“Kylo Ren,” Snoke purred, “you have done well today. Your strength grows with each new lesson.”
Ren inclined his helmeted head. “It is your teachings that make me strong.”
Snoke held up a long, bony finger. “The finest sculptor cannot fashion a masterpiece from poor materials…and I will fashion such a masterpiece from you, my most promising student.”
Ren watched the enormous hologram fade and the assembly hall grow dark. He stood there for a long moment in silence as his master’s parting words continued to echo in his head. Snoke was not one to dole out compliments and the praise should have strengthened Ren’s conviction, but he’d heard those words before. He was sure of it. And not from Snoke. A feminine voice – almost motherly – overlaid Snoke’s deep throaty drone in his mind until the two were speaking in unison.
The finest sculptor cannot fashion a masterpiece from poor materials.
The woman had been blond and very tall. He could barely picture her face in his mind, but he could see her squatting down beside him as his small hands worked to unwrap a package. A box of aqua pencils – a rare medium for artists in that sector of the galaxy.
“Don’t you like them?” she had laughed.
Ren had been about seven years old at the time, and he must have given her an astonished look. He loved to draw, but no one had ever given him anything so precious. He was afraid to touch the beautiful colors, afraid he might break the delicate tips.
“Are these really for me?” he heard himself say.
“Of course.” She reached out a hand to tousle his hair. “Even the finest sculptor cannot fashion a masterpiece from poor materials. I’ve seen your work, remember? It’s very good – especially for your age.” She beamed at him. “Now it’ll be even better. Go draw me a picture of your happiest day.”
He sensed the encouraging warmth of her hand on his back and felt buoyed, felt like he could truly be who he wanted to be. He rushed off to the drawing table in his room and spent hours drawing all the images that flooded his young mind. He remembered she had to take the pencils away from him and made him scurry off to bed that first night. He had never felt so connected to anything – to anyone – before, and the feeling washed over him like the waves he’d seen on the oceans of Naboo.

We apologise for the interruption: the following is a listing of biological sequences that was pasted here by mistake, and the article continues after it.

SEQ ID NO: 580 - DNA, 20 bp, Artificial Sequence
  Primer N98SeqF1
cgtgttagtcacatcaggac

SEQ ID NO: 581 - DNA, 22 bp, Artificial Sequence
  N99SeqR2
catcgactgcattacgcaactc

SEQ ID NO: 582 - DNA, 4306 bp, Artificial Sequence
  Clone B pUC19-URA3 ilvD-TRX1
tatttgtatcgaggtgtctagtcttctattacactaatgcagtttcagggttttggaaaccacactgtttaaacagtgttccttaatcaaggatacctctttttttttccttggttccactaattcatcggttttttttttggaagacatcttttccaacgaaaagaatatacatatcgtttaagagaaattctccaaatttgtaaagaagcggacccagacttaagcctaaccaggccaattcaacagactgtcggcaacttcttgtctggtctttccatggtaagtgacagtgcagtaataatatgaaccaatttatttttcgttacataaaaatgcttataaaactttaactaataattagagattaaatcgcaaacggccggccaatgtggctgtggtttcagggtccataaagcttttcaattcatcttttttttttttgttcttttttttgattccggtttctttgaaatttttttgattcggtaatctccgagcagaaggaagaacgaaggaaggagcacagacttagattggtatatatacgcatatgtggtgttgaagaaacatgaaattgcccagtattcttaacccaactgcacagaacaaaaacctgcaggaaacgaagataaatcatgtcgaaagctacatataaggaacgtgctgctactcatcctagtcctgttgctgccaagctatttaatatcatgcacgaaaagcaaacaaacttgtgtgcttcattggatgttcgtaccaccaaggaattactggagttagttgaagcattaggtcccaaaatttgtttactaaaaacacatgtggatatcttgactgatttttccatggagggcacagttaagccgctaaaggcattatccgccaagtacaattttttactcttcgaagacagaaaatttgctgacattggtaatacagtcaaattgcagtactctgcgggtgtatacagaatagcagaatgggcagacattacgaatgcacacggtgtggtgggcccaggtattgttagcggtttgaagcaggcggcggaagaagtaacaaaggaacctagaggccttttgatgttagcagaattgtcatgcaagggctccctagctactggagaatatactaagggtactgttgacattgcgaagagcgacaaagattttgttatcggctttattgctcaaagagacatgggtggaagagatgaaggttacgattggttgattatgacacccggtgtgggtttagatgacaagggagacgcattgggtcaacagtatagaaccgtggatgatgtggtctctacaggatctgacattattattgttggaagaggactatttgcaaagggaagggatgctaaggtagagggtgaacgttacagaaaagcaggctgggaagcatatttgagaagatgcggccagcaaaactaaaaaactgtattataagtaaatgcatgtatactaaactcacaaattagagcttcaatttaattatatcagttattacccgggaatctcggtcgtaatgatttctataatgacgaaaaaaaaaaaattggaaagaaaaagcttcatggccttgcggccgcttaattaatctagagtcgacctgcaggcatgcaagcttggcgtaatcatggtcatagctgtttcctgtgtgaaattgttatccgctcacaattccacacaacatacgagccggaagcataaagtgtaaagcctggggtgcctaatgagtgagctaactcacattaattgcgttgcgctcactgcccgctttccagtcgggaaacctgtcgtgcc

He remembered other days with the sunny lady who took him by the hand, until he was too old for such things. She took him on speeder bike rides to parks and amusements, to concerts, plays, races, and every game of sport imaginable. She had been there for him, been his nanny, his teacher, his friend. She had been the counselor his parents had sought to help them make sense of their unusual son….
Ren stood immobilized by the past. Only the gloved fingers of his right hand flexed and then straightened as if he were trying to reach something, trying to sense something through his fingertips. He didn’t react to the bootfalls echoing through the cavernous chamber behind him.
“Sir,” Captain Phasma began. “General Hux wishes to see you straight away. We’ve intercepted some important intelligence from the Resistance.”
She stood at attention, waiting for his response.
Slowly Ren half turned and said through the vocabulator in his helmet, “I’ll be there.”
She gave him a smart salute and marched back down the dimly lit aisle. Ren stared after her, thinking. Thinking how much her voice was not unlike the woman’s in his head. Phasma’s helmet distorted it to be sure, but the pitch, cadence, and accent were remarkably similar.
Ren turned to look up at the place reserved for Snoke’s hologram then back towards the doors Phasma had exited. He gave Snoke’s platform one last lingering look then turned to follow the captain.
@MyKyloRen 24 April 2016